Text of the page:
Sherry Vinegar and Balsamic Dressing
It has to be said that this is always going to be a matter of personal taste according to how much acidity you like and what your preferences are as to flavourings and so on.
seem to suffer from some kind of mental handicap with dressings, which roughly means that other people's salad dressings always seem to taste better than my own – my husband's particularly. Here I have set out my favourite version of vinaigrette, but it's adaptable: you can use red or white wine vinegar, a different mustard or no mustard; if you like it sharper, use a higher ratio of vinegar, and if you want it less sharp use a higher ratio of oil.
The following combination is my own personal favourite. Vinaigrette dressing is best made and used as fresh as possible, because once the oil is exposed to the air it loses some of its fragrance.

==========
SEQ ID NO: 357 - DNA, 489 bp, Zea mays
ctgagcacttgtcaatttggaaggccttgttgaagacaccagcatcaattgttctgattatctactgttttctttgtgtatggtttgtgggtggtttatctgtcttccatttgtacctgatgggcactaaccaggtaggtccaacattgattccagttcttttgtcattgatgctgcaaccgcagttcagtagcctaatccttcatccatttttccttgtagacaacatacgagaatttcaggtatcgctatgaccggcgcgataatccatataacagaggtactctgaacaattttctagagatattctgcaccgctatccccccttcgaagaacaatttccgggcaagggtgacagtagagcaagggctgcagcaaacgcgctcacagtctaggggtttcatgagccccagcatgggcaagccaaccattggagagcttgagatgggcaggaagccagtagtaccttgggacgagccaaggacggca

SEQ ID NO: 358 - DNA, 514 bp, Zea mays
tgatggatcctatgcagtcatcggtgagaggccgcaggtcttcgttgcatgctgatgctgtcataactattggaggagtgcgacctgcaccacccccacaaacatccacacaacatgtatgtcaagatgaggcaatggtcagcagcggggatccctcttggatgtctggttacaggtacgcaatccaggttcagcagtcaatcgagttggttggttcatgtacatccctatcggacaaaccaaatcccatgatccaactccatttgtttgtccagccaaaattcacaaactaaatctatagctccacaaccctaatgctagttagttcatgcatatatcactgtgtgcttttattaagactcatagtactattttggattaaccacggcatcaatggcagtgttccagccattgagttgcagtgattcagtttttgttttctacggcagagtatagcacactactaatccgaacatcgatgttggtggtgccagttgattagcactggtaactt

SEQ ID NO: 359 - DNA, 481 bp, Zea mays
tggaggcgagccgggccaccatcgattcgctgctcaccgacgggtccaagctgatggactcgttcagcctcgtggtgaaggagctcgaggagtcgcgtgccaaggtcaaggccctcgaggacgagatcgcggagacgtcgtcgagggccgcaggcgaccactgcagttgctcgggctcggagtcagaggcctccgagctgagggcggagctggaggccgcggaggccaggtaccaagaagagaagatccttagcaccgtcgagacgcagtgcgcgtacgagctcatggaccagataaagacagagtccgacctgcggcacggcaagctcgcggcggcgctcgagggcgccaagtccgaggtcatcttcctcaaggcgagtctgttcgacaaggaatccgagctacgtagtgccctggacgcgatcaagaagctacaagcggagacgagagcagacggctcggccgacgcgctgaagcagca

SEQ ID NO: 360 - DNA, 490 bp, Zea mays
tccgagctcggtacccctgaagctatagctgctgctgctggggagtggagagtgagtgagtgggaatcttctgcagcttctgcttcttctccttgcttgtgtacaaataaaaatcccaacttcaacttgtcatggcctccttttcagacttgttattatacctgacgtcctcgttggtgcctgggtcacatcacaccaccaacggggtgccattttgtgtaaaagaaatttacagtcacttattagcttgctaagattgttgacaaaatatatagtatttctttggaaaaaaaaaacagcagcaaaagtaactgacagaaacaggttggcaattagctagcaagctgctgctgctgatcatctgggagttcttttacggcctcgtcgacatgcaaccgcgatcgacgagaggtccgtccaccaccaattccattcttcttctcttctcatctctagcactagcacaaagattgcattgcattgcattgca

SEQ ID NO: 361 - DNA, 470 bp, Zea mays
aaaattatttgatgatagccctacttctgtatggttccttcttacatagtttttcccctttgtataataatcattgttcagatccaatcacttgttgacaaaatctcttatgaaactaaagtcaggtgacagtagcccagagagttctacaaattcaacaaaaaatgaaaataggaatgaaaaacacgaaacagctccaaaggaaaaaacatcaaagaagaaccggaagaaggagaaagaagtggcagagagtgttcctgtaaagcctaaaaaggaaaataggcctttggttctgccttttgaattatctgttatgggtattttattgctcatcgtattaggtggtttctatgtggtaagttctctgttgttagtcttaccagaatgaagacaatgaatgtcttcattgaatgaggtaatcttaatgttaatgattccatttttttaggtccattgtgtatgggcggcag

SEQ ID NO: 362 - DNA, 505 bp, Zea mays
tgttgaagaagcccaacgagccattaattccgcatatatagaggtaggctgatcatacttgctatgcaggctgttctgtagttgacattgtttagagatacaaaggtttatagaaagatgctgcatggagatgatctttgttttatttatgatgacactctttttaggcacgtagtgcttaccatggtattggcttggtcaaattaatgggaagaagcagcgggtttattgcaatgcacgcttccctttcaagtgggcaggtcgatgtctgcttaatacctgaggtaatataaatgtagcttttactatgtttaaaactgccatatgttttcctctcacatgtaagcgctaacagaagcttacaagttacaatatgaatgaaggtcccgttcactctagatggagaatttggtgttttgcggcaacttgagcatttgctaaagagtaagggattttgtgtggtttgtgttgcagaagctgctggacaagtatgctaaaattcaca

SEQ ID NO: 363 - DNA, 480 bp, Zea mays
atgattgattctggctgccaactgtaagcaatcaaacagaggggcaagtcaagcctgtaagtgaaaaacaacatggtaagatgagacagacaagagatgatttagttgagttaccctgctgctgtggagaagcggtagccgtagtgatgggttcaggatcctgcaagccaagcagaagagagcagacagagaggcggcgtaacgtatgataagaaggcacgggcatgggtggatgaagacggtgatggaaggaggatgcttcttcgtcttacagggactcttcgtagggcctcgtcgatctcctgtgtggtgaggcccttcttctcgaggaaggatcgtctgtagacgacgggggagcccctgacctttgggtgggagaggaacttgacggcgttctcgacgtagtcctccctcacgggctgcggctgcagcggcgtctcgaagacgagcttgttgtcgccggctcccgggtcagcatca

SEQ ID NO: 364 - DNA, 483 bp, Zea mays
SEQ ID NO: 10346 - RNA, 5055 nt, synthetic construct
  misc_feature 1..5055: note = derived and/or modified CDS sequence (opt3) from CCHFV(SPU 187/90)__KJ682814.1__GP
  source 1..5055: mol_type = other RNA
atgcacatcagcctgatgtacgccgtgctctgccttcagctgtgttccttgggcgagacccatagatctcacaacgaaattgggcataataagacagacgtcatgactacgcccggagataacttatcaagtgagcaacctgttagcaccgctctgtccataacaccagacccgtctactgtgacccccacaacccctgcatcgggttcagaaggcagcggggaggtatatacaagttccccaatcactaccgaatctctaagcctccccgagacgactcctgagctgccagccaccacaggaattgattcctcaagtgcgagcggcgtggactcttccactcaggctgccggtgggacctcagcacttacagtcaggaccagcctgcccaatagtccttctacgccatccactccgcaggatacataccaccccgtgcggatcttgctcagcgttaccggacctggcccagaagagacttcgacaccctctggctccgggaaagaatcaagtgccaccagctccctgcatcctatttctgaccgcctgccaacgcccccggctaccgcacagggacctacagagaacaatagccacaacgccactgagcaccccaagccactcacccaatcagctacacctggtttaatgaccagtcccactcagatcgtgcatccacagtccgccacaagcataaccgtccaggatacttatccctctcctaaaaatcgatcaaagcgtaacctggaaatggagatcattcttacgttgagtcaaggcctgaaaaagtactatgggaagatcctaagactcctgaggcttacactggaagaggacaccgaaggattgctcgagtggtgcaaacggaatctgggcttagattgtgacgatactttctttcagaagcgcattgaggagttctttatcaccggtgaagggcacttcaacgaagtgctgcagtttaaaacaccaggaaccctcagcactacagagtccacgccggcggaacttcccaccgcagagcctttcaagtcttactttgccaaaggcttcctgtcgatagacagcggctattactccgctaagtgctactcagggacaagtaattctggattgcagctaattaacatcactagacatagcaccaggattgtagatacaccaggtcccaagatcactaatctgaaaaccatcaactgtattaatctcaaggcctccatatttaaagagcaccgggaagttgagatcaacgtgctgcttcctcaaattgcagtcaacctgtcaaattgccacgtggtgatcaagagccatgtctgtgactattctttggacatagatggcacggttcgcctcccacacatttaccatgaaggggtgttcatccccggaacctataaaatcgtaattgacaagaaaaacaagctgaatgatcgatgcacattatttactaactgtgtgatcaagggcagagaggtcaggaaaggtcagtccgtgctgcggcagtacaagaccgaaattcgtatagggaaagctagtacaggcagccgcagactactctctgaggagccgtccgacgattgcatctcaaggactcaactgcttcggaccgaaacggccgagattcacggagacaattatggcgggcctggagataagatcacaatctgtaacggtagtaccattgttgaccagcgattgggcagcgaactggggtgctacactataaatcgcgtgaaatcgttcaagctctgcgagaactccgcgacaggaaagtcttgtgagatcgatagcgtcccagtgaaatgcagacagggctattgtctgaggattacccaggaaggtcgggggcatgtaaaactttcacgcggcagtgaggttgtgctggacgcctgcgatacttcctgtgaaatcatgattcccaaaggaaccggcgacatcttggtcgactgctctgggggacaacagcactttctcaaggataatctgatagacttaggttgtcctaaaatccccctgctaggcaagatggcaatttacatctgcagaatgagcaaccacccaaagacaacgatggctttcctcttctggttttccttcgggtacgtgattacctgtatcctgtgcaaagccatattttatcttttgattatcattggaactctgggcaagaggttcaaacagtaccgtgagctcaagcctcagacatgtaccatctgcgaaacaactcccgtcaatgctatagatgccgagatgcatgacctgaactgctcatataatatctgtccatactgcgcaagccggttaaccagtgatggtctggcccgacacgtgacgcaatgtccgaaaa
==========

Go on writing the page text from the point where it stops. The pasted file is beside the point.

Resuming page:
If you want to prepare things ahead, proceed up to the vinegar stage and leave adding the oil till the last minute.
This recipe is taken from Delia Smith’s Complete Cookery Course, Delia Smith’s Complete Illustrated Cookery Course and Delia's Complete How To Cook Serves 4-6; halve the ingredients for 2-3
Begin by placing the salt in the mortar and crush it quite coarsely, then add the garlic and, as you begin to crush it and it comes into contact with the salt, it will quickly break down into a purée.
Next add the mustard powder and really work it in, giving it about 20 seconds of circular movements to get it thoroughly blended. After that, add some freshly milled black pepper.
Now add the vinegars and work these in in the same way, then add the oil, switch to a small whisk and give everything a really good, thorough whisking.
Whisk again before dressing the salad.